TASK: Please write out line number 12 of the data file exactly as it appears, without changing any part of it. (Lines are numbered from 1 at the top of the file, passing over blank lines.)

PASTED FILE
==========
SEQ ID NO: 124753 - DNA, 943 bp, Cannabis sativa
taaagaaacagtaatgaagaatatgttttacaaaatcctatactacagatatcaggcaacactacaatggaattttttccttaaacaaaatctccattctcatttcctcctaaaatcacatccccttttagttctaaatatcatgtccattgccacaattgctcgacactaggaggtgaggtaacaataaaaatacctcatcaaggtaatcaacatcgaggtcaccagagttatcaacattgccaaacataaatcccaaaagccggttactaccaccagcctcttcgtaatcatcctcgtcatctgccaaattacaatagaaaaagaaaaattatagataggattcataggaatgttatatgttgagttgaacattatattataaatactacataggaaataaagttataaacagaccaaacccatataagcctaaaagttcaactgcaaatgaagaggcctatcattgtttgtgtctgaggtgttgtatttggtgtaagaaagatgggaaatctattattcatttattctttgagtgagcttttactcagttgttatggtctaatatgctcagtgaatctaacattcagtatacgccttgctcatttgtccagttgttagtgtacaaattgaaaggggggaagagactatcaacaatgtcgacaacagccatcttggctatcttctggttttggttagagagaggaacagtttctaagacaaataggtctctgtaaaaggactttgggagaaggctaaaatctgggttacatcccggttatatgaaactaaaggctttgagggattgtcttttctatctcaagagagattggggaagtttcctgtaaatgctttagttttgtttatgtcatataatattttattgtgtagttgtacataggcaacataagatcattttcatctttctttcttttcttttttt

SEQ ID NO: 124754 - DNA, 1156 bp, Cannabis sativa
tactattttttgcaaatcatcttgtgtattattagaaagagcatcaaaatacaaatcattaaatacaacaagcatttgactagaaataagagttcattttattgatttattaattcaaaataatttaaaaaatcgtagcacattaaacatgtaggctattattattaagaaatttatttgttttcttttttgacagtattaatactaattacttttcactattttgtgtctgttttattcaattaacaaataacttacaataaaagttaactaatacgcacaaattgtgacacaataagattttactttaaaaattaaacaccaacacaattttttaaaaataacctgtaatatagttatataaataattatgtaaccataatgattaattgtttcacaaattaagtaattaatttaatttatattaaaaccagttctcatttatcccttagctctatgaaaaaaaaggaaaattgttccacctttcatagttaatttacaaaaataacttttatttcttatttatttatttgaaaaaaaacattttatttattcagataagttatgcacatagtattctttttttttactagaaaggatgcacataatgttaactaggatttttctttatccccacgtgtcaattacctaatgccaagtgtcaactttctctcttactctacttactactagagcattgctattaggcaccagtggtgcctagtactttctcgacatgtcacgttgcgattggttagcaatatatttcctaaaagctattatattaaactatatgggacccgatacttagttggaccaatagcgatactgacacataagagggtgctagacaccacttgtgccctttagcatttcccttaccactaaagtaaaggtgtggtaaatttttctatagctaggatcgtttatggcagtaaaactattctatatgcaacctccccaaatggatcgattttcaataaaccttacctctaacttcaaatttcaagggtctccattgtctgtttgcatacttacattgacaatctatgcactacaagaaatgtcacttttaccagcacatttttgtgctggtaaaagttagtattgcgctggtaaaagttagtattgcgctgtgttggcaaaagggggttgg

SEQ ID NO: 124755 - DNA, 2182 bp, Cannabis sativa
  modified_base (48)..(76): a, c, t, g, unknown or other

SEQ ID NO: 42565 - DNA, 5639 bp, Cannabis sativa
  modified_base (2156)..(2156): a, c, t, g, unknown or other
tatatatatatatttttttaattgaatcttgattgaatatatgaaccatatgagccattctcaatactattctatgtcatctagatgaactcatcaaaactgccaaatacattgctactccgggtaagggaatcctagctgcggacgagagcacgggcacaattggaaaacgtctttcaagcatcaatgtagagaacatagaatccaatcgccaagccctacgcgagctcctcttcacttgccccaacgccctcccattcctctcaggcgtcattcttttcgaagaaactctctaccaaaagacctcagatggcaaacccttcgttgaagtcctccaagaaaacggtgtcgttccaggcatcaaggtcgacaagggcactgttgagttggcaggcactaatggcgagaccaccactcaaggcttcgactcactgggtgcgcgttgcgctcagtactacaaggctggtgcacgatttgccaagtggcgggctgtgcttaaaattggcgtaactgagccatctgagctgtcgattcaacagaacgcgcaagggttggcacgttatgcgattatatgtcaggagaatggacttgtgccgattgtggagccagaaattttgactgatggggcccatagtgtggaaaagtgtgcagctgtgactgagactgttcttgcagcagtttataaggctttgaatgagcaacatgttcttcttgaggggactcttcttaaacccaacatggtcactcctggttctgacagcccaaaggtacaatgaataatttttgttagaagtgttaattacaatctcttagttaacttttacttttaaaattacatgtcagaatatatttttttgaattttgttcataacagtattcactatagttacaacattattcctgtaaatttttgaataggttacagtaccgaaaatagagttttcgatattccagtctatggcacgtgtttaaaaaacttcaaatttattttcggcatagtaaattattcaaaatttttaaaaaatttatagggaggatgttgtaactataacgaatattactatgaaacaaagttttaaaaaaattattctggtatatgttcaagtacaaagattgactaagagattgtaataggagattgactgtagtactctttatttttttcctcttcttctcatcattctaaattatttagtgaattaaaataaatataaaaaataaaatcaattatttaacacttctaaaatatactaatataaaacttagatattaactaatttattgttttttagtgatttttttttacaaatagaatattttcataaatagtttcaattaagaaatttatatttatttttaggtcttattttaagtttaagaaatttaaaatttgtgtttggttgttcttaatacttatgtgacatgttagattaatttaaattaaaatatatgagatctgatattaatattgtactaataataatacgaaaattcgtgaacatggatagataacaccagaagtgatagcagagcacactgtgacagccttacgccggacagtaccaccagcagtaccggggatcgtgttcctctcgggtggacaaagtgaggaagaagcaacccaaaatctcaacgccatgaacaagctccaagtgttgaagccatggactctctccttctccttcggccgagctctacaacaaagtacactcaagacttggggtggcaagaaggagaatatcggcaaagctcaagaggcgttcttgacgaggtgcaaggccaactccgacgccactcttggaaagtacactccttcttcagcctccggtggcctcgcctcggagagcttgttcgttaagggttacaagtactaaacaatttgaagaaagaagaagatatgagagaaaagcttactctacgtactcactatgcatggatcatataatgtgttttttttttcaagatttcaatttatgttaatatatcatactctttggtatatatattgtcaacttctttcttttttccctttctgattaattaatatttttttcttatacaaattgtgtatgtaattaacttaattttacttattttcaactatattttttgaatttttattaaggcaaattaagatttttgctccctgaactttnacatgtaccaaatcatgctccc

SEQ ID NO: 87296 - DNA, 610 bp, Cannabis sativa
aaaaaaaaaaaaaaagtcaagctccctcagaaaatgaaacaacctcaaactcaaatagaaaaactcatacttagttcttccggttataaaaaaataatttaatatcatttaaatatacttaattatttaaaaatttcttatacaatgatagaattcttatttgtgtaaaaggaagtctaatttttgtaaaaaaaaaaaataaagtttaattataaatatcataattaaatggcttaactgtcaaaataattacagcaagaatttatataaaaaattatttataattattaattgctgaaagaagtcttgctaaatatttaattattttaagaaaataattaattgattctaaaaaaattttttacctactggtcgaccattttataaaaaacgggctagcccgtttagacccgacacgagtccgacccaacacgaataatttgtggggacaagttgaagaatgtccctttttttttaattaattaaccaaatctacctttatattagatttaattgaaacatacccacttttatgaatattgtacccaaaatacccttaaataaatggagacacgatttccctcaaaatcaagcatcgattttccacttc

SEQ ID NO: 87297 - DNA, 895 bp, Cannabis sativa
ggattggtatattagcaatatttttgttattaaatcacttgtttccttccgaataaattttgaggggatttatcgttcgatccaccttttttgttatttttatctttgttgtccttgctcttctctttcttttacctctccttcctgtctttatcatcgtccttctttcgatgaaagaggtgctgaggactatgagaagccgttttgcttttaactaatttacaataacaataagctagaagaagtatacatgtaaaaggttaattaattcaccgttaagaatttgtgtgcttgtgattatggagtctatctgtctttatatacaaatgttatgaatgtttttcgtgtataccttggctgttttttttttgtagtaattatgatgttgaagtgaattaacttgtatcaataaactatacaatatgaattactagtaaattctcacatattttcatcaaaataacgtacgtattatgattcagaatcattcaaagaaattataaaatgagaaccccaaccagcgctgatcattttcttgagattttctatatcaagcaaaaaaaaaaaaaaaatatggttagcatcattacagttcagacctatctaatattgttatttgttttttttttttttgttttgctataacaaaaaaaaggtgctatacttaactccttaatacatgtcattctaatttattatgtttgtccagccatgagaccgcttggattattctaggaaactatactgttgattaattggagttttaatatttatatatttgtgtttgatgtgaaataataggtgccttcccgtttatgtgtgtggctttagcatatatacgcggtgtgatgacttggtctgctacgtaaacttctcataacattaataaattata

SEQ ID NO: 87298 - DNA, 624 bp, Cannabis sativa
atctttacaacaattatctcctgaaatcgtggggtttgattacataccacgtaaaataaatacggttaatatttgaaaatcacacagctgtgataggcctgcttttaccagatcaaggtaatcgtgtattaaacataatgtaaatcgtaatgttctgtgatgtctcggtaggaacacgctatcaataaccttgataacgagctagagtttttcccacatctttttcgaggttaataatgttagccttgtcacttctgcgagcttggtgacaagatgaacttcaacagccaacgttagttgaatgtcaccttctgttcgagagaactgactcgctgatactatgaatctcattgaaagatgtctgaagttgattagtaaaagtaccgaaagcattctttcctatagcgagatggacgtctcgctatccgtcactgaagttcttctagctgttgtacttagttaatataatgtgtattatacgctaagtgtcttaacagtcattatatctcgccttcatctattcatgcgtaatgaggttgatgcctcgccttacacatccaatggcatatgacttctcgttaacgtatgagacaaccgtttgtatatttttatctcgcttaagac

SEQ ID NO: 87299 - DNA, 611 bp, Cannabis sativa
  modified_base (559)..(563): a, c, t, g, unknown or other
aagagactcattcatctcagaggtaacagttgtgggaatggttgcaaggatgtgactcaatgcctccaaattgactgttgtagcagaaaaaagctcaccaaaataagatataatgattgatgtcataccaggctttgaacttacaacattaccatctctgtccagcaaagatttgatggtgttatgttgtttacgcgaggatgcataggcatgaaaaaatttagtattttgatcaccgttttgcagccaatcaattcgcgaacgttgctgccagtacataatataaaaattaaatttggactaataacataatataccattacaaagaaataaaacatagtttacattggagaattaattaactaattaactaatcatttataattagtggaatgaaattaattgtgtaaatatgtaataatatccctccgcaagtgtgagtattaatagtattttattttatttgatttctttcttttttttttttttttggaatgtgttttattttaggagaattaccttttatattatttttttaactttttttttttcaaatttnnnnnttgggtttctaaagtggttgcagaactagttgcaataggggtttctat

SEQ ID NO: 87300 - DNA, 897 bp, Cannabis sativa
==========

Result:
SEQ ID NO: 87297 - DNA, 895 bp, Cannabis sativa